When the Los Angeles Master Chorale originally planned Beethoven’s Missa Solemnis for January of its 2016/17 season, the two performances, let alone the inauguration of a new President of the United States, were still more than a year away. There was no political statement, expressed or implied, in its scheduling, no inherent message of defiance or rebellion in its libretto. I doubt that the powers-that-be thought they’d need or want such a thing.
Yet when the time arrived, it was nearly impossible to ignore the politically charged climate in which performers and audience members found themselves. The first performance, a Saturday matinée, was being held concurrently with the Downtown LA women’s march protesting against President Donald Trump, who had just been sworn into office the day before. Some concertgoers reportedly had to make their way through Grand Avenue marchers to get into the concert, while some of the protesters were roaming the Walt Disney Concert Hall lower lobby in desperate search for restrooms. By all accounts, the resulting hodgepodge of people in the lobby and the sights and sounds of the march created a unique prelude to the concert.
The Sunday evening performance was more conventional in its pre-concert setting, the protest march having been over for more than a day. Yet the general feeling of tension lingered. As if to acknowledge the obvious, Grant Gershon, the Master Chorale’s Artistic Director, referenced the “extraordinary weekend in the city” during his brief pre-performance remarks while tastefully avoiding any overt political statements; the majority of audience and choir members cheered loudly at the implied unity with the protesters while others sat politely silent.
With all of that going on, it would be easy, therefore, to try to view this concert through a political, even subversive, lens — a statement piece, if you will. I’d prefer not to do that. There is enough variety in the Latin mass text to enable one to find a phrase fitting for any occasion. There’s no need to invent connections or infer a greater meaning when one can take Beethoven’s late-period masterpiece at face value.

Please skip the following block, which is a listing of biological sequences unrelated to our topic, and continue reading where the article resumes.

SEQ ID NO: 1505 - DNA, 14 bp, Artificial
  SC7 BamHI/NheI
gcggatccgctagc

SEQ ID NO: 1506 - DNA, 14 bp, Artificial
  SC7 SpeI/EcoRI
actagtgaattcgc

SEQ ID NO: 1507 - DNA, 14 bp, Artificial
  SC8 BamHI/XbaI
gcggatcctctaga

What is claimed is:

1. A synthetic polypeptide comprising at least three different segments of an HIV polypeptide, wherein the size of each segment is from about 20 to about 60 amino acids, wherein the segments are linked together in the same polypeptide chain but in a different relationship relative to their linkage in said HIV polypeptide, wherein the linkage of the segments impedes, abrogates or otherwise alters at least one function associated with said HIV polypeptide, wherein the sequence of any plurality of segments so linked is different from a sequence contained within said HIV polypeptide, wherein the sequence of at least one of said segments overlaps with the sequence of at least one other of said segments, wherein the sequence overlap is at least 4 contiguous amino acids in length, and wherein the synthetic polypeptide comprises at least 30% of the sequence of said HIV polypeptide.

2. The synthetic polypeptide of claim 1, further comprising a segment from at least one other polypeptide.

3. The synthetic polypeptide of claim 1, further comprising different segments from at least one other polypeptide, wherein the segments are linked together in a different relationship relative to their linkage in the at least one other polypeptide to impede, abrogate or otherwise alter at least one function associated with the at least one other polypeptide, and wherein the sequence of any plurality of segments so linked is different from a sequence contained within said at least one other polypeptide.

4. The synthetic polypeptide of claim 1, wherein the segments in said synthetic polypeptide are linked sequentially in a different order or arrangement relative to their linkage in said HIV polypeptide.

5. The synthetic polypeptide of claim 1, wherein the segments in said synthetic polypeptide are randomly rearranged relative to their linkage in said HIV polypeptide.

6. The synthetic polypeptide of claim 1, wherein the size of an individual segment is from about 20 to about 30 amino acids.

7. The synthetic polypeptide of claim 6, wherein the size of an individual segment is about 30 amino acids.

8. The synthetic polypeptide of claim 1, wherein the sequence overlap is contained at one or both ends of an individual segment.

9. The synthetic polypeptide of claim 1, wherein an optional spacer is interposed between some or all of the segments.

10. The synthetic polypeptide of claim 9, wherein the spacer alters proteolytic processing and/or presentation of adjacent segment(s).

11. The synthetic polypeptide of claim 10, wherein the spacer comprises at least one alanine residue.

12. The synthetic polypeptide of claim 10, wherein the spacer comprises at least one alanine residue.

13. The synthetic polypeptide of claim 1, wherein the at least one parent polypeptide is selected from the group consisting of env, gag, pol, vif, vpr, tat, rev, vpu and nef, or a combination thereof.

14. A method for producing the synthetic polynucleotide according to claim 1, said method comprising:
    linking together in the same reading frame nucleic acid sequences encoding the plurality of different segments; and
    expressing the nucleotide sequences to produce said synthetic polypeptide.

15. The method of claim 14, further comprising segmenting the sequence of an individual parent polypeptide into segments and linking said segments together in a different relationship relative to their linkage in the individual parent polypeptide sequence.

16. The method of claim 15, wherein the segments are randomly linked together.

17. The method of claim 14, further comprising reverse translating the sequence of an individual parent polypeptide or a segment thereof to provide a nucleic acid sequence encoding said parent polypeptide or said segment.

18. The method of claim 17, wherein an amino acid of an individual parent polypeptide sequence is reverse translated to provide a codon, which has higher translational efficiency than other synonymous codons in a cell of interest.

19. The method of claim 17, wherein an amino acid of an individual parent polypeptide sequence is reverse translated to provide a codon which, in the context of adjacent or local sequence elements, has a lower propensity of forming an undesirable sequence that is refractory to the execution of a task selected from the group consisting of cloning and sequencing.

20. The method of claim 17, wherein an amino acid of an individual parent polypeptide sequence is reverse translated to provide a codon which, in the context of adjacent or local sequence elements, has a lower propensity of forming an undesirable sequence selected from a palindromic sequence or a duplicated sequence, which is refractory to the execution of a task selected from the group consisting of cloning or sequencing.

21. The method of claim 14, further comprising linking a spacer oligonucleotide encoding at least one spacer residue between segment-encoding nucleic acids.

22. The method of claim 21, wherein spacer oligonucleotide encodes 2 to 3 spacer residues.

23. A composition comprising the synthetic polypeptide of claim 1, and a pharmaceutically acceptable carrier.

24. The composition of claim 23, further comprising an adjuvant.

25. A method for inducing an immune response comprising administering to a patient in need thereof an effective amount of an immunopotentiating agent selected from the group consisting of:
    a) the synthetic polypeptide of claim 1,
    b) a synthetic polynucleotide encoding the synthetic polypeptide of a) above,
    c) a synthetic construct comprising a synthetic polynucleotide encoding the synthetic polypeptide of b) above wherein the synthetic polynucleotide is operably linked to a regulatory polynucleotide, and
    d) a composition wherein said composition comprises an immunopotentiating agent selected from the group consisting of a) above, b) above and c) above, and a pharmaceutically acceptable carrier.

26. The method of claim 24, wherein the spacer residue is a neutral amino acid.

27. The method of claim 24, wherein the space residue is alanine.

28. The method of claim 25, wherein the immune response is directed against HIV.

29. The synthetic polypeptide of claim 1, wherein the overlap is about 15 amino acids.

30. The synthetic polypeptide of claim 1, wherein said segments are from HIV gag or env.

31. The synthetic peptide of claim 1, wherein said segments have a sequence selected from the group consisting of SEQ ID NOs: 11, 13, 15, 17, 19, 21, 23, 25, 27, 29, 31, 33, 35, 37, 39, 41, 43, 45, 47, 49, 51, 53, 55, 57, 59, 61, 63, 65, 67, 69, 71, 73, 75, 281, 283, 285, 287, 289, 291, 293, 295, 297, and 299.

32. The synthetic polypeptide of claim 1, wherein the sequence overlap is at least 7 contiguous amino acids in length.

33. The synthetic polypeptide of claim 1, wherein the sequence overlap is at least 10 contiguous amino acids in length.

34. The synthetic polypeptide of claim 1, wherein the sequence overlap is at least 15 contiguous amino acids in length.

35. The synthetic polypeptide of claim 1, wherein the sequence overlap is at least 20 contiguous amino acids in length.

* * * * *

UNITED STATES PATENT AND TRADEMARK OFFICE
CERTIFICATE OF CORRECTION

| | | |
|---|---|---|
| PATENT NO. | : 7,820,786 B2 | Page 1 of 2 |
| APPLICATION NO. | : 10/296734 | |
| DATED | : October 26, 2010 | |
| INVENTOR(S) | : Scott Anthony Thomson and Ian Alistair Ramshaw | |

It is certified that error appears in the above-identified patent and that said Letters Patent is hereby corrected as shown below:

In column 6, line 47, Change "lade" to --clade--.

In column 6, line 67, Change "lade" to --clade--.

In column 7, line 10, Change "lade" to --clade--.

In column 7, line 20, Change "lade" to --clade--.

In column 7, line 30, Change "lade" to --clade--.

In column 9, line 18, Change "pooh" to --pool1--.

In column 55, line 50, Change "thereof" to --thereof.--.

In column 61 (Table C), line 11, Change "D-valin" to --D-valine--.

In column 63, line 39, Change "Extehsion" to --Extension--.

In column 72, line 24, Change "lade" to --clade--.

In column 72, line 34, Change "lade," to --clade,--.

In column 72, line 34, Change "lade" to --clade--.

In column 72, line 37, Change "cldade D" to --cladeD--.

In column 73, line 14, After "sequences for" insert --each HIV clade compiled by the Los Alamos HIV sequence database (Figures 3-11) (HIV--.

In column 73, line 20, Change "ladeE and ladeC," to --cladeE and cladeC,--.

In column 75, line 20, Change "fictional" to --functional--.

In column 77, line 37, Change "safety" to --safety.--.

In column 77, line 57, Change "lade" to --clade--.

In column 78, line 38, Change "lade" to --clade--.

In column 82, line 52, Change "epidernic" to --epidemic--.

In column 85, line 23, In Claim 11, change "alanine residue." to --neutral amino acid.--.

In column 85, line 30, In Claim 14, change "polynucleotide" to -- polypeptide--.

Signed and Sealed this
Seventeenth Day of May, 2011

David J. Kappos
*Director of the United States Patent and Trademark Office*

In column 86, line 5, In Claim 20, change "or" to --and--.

The sprawling Missa Solemnis is by its very nature a statement piece. It blares and churns and wallops and sometimes even soothes to great effect. Mr. Gershon’s approach was pedal to the metal, emphasizing power and momentum at almost all cost; it worked, in breathtaking fashion. More notably, he favored a bright, top-heavy sheen from his singers that one almost never hears from this choir. The result was less successful, creating a more generic choral sound than the Master Chorale’s distinct bass-dominant “pyramid sound” which is traditionally its trademark.
Regardless, the singers were impressive in every way. Their blend was impeccable, even in the loudest of passages, and their ability to handle changes in tempi and dynamics remarkable. The most memorable moments: within the Credo, the echoes of the 9th Symphony ahead of the “et incarnatus est;” the supreme clarity of the “Hosanna” fugue; the light overcoming the dark in the final “Dona nobis pacem.”
The four vocal soloists were solid, but with varying degrees of success. Mezzo-Soprano Allyson McHardy was the standout of the group, matching a warm timbre with great sensitivity to the text. Tenor Arnold Livingston Geis (a Master Chorale member) was good overall, though his voice sometimes became pale and constricted at the upper end of his range, especially at louder volumes. Baritone Rod Gilfry, a Los Angeles favorite, does not have the biggest voice but his rich tone was as resplendent as ever in his limited solo opportunities. Only Soprano Raquel González was a bit of a disappointment, often having trouble blending with her three colleagues and occasionally experiencing problems with softer entrances.
As a group, the foursome was often over-powered by the choir. Mr. Gershon chose to position the quartet at the center of the throng of performers, in front of the choir but behind the orchestra’s strings in the space normally occupied by woodwinds. I wonder how differently the performance would have sounded if they were placed at the front of the stage instead.
The orchestra, a pick-up group comprised of Southern California’s deep bench of freelance musicians, was excellent in their own right. Concertmaster Roger Wilkie’s solo in the Benedictus was perfectly sweet, and principal clarinet Gary Bovyer stood out throughout the evening.
Next up on the Master Chorale’s season schedule is a March 26th performance of Les Noces (The Wedding) by Stravinsky, though their next WDCH appearances will be as part of the Los Angeles Philharmonic’s presentation of Nixon in China by John Adams, with the composer conducting performances on Friday, March 3, and Sunday, March 5.
Los Angeles Master Chorale: January 22, 2017; Walt Disney Concert Hall
Grant Gershon, conductor
Raquel González, soprano
Allyson McHardy, mezzo-soprano
Arnold Livingston Geis, tenor
Rod Gilfry, baritone
Beethoven: Missa Solemnis in D major, op. 123
Photo credits: Patrick Brown for the Los Angeles Master Chorale